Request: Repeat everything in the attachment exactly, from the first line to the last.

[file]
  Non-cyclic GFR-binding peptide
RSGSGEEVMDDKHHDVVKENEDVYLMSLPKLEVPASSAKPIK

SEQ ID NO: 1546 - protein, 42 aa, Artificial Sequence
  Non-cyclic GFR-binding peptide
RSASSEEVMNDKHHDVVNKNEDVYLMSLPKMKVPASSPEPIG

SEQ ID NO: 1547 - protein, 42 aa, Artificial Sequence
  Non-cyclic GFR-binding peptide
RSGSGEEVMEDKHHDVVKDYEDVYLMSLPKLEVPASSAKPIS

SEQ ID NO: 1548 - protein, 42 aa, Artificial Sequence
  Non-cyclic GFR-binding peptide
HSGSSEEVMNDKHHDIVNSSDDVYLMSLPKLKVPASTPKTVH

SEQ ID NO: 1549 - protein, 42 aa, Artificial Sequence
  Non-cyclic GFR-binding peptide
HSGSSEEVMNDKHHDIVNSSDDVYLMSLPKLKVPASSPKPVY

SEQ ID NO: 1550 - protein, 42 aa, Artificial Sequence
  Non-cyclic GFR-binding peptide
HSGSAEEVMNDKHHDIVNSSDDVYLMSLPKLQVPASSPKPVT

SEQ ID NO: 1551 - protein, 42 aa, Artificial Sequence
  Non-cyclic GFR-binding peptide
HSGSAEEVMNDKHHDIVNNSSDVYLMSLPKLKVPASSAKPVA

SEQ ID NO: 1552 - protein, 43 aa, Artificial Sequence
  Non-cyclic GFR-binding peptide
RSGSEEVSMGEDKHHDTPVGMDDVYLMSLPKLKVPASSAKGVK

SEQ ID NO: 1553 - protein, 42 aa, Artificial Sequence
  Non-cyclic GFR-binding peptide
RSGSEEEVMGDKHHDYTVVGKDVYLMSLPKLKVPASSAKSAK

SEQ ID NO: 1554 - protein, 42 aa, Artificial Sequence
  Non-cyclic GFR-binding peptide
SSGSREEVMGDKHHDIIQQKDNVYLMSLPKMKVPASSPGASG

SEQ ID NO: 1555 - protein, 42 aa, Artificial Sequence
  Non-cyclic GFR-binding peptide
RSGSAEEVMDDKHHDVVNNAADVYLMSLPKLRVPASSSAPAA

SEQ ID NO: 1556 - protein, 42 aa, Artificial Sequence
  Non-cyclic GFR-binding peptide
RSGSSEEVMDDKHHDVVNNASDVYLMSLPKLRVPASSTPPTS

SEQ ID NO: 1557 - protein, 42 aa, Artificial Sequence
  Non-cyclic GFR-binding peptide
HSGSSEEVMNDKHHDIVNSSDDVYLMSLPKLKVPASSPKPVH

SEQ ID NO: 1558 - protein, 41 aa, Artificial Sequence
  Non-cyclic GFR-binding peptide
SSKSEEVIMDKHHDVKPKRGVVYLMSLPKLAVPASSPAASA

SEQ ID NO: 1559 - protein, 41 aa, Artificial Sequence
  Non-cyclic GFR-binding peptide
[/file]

  Non-cyclic GFR-binding peptide
RSGSGEEVMDDKHHDVVKENEDVYLMSLPKLEVPASSAKPIK

SEQ ID NO: 1546 - protein, 42 aa, Artificial Sequence
  Non-cyclic GFR-binding peptide
RSASSEEVMNDKHHDVVNKNEDVYLMSLPKMKVPASSPEPIG

SEQ ID NO: 1547 - protein, 42 aa, Artificial Sequence
  Non-cyclic GFR-binding peptide
RSGSGEEVMEDKHHDVVKDYEDVYLMSLPKLEVPASSAKPIS

SEQ ID NO: 1548 - protein, 42 aa, Artificial Sequence
  Non-cyclic GFR-binding peptide
HSGSSEEVMNDKHHDIVNSSDDVYLMSLPKLKVPASTPKTVH

SEQ ID NO: 1549 - protein, 42 aa, Artificial Sequence
  Non-cyclic GFR-binding peptide
HSGSSEEVMNDKHHDIVNSSDDVYLMSLPKLKVPASSPKPVY

SEQ ID NO: 1550 - protein, 42 aa, Artificial Sequence
  Non-cyclic GFR-binding peptide
HSGSAEEVMNDKHHDIVNSSDDVYLMSLPKLQVPASSPKPVT

SEQ ID NO: 1551 - protein, 42 aa, Artificial Sequence
  Non-cyclic GFR-binding peptide
HSGSAEEVMNDKHHDIVNNSSDVYLMSLPKLKVPASSAKPVA

SEQ ID NO: 1552 - protein, 43 aa, Artificial Sequence
  Non-cyclic GFR-binding peptide
RSGSEEVSMGEDKHHDTPVGMDDVYLMSLPKLKVPASSAKGVK

SEQ ID NO: 1553 - protein, 42 aa, Artificial Sequence
  Non-cyclic GFR-binding peptide
RSGSEEEVMGDKHHDYTVVGKDVYLMSLPKLKVPASSAKSAK

SEQ ID NO: 1554 - protein, 42 aa, Artificial Sequence
  Non-cyclic GFR-binding peptide
SSGSREEVMGDKHHDIIQQKDNVYLMSLPKMKVPASSPGASG

SEQ ID NO: 1555 - protein, 42 aa, Artificial Sequence
  Non-cyclic GFR-binding peptide
RSGSAEEVMDDKHHDVVNNAADVYLMSLPKLRVPASSSAPAA

SEQ ID NO: 1556 - protein, 42 aa, Artificial Sequence
  Non-cyclic GFR-binding peptide
RSGSSEEVMDDKHHDVVNNASDVYLMSLPKLRVPASSTPPTS

SEQ ID NO: 1557 - protein, 42 aa, Artificial Sequence
  Non-cyclic GFR-binding peptide
HSGSSEEVMNDKHHDIVNSSDDVYLMSLPKLKVPASSPKPVH

SEQ ID NO: 1558 - protein, 41 aa, Artificial Sequence
  Non-cyclic GFR-binding peptide
SSKSEEVIMDKHHDVKPKRGVVYLMSLPKLAVPASSPAASA

SEQ ID NO: 1559 - protein, 41 aa, Artificial Sequence
  Non-cyclic GFR-binding peptide